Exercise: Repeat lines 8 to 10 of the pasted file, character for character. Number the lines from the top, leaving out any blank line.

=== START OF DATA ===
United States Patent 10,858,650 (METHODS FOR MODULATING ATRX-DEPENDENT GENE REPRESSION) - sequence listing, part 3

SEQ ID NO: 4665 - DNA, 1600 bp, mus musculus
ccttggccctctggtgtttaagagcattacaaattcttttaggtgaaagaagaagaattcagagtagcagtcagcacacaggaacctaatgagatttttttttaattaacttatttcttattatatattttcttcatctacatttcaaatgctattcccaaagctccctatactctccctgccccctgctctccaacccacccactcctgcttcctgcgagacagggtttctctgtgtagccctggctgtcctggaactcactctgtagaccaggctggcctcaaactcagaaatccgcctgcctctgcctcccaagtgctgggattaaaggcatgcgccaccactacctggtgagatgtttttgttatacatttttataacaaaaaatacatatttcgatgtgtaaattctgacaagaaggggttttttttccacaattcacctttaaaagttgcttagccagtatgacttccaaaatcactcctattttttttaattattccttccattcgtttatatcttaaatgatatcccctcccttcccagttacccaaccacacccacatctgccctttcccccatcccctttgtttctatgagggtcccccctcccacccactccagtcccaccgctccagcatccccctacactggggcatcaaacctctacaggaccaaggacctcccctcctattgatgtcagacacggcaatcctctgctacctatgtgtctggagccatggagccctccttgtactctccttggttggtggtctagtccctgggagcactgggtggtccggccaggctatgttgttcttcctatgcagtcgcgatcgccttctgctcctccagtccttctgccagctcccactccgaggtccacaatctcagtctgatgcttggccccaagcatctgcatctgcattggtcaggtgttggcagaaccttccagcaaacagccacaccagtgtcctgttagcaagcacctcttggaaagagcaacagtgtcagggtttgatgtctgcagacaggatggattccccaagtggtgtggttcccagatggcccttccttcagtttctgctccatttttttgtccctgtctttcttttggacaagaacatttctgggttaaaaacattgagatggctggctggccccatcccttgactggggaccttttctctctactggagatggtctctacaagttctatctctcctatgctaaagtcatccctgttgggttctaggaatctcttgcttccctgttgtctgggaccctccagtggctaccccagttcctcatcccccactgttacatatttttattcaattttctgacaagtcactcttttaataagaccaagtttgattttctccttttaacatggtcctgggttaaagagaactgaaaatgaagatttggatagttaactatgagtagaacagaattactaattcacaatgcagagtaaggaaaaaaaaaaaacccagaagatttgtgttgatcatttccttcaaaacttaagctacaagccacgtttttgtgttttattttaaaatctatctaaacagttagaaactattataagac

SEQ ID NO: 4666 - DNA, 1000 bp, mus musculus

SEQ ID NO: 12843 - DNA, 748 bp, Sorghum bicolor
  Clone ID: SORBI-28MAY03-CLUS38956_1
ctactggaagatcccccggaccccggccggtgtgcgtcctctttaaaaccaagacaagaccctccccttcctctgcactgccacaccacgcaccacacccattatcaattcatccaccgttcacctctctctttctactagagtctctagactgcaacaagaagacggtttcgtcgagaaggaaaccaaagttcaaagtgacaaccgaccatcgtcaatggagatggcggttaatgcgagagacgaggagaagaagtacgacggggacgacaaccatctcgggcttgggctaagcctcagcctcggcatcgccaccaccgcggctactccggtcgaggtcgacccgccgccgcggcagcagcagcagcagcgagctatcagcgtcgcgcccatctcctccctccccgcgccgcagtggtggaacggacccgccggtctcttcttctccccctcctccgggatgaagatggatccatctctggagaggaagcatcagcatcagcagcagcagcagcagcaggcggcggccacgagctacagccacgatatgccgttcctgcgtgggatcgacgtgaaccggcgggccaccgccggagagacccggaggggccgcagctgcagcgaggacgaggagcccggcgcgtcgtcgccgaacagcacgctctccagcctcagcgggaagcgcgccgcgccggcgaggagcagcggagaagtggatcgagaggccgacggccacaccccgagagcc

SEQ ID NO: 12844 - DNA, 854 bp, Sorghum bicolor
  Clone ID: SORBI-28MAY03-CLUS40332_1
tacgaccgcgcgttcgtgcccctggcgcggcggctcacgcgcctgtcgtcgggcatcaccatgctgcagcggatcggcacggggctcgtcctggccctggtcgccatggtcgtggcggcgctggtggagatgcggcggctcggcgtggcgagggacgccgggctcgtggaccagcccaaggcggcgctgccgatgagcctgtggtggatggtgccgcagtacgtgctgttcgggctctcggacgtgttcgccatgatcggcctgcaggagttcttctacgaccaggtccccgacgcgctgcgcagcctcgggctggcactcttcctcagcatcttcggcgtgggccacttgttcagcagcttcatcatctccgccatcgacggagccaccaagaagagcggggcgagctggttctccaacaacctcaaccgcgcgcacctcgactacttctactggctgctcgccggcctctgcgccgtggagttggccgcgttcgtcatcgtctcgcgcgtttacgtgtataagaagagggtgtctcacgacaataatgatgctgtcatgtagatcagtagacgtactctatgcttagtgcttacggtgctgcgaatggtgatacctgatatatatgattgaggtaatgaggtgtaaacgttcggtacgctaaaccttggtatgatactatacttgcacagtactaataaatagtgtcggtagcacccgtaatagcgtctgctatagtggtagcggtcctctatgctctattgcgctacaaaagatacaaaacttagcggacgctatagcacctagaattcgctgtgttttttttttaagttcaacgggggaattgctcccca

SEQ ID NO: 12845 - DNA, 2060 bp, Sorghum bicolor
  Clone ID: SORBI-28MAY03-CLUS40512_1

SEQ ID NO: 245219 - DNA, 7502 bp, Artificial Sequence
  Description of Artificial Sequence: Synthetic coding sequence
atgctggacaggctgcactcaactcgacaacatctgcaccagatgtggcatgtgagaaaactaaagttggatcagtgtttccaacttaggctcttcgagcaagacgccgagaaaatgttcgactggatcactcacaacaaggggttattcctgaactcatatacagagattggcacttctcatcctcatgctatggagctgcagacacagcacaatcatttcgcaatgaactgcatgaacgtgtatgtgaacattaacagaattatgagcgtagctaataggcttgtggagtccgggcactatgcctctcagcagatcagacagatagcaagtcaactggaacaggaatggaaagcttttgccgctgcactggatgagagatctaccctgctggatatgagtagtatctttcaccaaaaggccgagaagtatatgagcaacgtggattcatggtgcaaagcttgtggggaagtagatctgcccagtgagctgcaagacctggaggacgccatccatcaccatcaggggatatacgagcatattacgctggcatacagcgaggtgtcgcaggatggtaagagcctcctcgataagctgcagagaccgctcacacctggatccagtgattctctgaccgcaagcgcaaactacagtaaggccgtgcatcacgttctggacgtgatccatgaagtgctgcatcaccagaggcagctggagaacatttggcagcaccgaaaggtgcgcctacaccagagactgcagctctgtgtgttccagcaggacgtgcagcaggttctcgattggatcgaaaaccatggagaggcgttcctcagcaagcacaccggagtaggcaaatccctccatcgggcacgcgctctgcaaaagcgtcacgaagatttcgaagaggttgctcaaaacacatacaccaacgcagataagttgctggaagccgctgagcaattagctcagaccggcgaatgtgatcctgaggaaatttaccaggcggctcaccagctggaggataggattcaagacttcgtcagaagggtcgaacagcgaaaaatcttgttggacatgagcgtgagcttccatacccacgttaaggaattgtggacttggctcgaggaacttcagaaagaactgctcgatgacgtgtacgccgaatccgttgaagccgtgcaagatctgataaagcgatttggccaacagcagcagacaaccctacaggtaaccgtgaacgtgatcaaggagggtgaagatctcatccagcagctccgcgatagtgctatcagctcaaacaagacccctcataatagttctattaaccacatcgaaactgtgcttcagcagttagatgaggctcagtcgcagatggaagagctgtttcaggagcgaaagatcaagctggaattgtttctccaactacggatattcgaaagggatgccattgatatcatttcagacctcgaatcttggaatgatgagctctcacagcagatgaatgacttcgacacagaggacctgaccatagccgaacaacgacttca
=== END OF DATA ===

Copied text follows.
SEQ ID NO: 12844 - DNA, 854 bp, Sorghum bicolor
  Clone ID: SORBI-28MAY03-CLUS40332_1
tacgaccgcgcgttcgtgcccctggcgcggcggctcacgcgcctgtcgtcgggcatcaccatgctgcagcggatcggcacggggctcgtcctggccctggtcgccatggtcgtggcggcgctggtggagatgcggcggctcggcgtggcgagggacgccgggctcgtggaccagcccaaggcggcgctgccgatgagcctgtggtggatggtgccgcagtacgtgctgttcgggctctcggacgtgttcgccatgatcggcctgcaggagttcttctacgaccaggtccccgacgcgctgcgcagcctcgggctggcactcttcctcagcatcttcggcgtgggccacttgttcagcagcttcatcatctccgccatcgacggagccaccaagaagagcggggcgagctggttctccaacaacctcaaccgcgcgcacctcgactacttctactggctgctcgccggcctctgcgccgtggagttggccgcgttcgtcatcgtctcgcgcgtttacgtgtataagaagagggtgtctcacgacaataatgatgctgtcatgtagatcagtagacgtactctatgcttagtgcttacggtgctgcgaatggtgatacctgatatatatgattgaggtaatgaggtgtaaacgttcggtacgctaaaccttggtatgatactatacttgcacagtactaataaatagtgtcggtagcacccgtaatagcgtctgctatagtggtagcggtcctctatgctctattgcgctacaaaagatacaaaacttagcggacgctatagcacctagaattcgctgtgttttttttttaagttcaacgggggaattgctcccca